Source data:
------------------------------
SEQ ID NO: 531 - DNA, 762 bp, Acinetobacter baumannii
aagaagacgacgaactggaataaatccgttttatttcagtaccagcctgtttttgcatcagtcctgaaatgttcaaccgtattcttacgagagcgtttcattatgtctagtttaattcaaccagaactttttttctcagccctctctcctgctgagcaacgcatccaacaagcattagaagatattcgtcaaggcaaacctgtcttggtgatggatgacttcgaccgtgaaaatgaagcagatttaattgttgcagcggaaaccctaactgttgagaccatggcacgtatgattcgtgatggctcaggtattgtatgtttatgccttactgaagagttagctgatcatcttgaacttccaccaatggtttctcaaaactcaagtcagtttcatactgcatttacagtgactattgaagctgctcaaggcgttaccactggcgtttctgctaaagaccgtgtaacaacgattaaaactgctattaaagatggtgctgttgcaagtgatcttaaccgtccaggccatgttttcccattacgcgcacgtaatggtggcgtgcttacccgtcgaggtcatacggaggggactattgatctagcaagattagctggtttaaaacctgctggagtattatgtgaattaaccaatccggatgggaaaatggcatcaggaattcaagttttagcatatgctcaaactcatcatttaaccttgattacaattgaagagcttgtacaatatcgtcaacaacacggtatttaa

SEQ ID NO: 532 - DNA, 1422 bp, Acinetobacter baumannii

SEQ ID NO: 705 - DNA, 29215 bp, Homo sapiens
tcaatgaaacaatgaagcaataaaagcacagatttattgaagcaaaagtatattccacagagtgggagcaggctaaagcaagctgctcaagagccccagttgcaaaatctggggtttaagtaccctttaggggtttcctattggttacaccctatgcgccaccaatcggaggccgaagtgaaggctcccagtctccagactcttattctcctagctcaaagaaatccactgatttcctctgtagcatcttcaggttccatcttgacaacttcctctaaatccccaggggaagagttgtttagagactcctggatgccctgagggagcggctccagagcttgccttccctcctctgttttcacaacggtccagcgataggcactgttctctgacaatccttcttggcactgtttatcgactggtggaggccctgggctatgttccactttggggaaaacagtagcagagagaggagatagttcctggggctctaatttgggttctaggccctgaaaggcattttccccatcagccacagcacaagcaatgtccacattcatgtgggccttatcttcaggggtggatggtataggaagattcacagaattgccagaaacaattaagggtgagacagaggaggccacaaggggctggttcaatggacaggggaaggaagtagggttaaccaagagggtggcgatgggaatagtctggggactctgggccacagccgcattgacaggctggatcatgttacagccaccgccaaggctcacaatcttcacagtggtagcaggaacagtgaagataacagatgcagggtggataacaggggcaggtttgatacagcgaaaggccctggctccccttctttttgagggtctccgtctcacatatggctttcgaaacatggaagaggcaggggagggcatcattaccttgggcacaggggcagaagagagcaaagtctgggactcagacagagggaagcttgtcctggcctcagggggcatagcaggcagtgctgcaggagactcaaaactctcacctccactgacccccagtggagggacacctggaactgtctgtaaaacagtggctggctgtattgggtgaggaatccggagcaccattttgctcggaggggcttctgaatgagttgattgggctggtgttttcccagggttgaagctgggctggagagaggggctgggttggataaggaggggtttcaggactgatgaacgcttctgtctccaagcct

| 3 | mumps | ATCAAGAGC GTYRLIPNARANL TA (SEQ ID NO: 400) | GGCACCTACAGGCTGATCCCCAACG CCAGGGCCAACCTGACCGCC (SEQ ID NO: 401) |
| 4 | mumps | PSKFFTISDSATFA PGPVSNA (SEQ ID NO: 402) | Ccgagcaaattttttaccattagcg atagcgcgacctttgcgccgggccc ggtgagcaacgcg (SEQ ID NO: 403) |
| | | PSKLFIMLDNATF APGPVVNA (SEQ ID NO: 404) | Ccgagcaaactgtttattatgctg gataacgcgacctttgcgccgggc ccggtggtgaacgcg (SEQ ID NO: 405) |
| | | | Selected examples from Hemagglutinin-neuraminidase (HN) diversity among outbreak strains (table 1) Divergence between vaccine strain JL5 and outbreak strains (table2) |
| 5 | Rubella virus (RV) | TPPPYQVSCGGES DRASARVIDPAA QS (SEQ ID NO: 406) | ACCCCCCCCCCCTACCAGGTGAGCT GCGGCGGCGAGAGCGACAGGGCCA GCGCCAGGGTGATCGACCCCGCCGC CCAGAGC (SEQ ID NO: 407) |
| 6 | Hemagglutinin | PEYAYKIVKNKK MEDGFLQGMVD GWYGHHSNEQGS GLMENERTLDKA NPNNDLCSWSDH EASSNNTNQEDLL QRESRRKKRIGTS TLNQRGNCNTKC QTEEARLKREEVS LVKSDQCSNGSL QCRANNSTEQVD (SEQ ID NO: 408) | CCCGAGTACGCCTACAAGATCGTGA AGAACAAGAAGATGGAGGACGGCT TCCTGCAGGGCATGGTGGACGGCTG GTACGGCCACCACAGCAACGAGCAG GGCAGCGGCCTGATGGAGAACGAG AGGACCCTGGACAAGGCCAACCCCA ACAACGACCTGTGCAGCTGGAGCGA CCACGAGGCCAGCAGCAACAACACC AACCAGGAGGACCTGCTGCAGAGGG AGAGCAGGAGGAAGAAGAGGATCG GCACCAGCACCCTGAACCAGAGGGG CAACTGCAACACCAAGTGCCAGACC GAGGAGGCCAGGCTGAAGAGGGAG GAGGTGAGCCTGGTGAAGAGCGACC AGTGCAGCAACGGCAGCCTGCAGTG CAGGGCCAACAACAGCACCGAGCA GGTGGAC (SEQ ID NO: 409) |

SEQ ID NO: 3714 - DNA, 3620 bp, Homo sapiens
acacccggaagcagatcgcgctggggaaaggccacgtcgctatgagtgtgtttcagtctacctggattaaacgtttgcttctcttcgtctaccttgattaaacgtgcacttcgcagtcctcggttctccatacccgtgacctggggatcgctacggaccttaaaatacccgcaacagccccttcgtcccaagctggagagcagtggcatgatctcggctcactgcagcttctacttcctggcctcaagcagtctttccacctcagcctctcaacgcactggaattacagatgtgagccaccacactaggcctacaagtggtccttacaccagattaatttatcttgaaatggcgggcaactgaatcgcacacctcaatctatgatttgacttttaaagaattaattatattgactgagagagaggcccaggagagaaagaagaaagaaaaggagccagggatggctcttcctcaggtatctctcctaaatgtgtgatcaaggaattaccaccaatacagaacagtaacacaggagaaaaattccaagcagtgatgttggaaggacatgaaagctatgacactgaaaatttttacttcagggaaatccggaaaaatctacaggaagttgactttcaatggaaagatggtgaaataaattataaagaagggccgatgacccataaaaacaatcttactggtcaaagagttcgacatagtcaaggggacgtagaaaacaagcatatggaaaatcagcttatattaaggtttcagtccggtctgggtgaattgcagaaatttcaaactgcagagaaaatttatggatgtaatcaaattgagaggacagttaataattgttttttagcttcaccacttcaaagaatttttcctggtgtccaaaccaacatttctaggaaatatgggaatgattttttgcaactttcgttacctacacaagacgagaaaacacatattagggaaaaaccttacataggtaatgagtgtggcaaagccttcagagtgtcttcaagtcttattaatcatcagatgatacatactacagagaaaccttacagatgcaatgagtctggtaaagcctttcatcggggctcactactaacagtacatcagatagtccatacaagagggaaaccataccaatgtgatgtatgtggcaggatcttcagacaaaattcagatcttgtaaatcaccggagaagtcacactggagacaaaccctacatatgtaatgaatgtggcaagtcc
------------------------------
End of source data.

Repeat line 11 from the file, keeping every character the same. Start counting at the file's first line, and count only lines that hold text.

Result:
| 6 | Hemagglutinin | PEYAYKIVKNKK MEDGFLQGMVD GWYGHHSNEQGS GLMENERTLDKA NPNNDLCSWSDH EASSNNTNQEDLL QRESRRKKRIGTS TLNQRGNCNTKC QTEEARLKREEVS LVKSDQCSNGSL QCRANNSTEQVD (SEQ ID NO: 408) | CCCGAGTACGCCTACAAGATCGTGA AGAACAAGAAGATGGAGGACGGCT TCCTGCAGGGCATGGTGGACGGCTG GTACGGCCACCACAGCAACGAGCAG GGCAGCGGCCTGATGGAGAACGAG AGGACCCTGGACAAGGCCAACCCCA ACAACGACCTGTGCAGCTGGAGCGA CCACGAGGCCAGCAGCAACAACACC AACCAGGAGGACCTGCTGCAGAGGG AGAGCAGGAGGAAGAAGAGGATCG GCACCAGCACCCTGAACCAGAGGGG CAACTGCAACACCAAGTGCCAGACC GAGGAGGCCAGGCTGAAGAGGGAG GAGGTGAGCCTGGTGAAGAGCGACC AGTGCAGCAACGGCAGCCTGCAGTG CAGGGCCAACAACAGCACCGAGCA GGTGGAC (SEQ ID NO: 409) |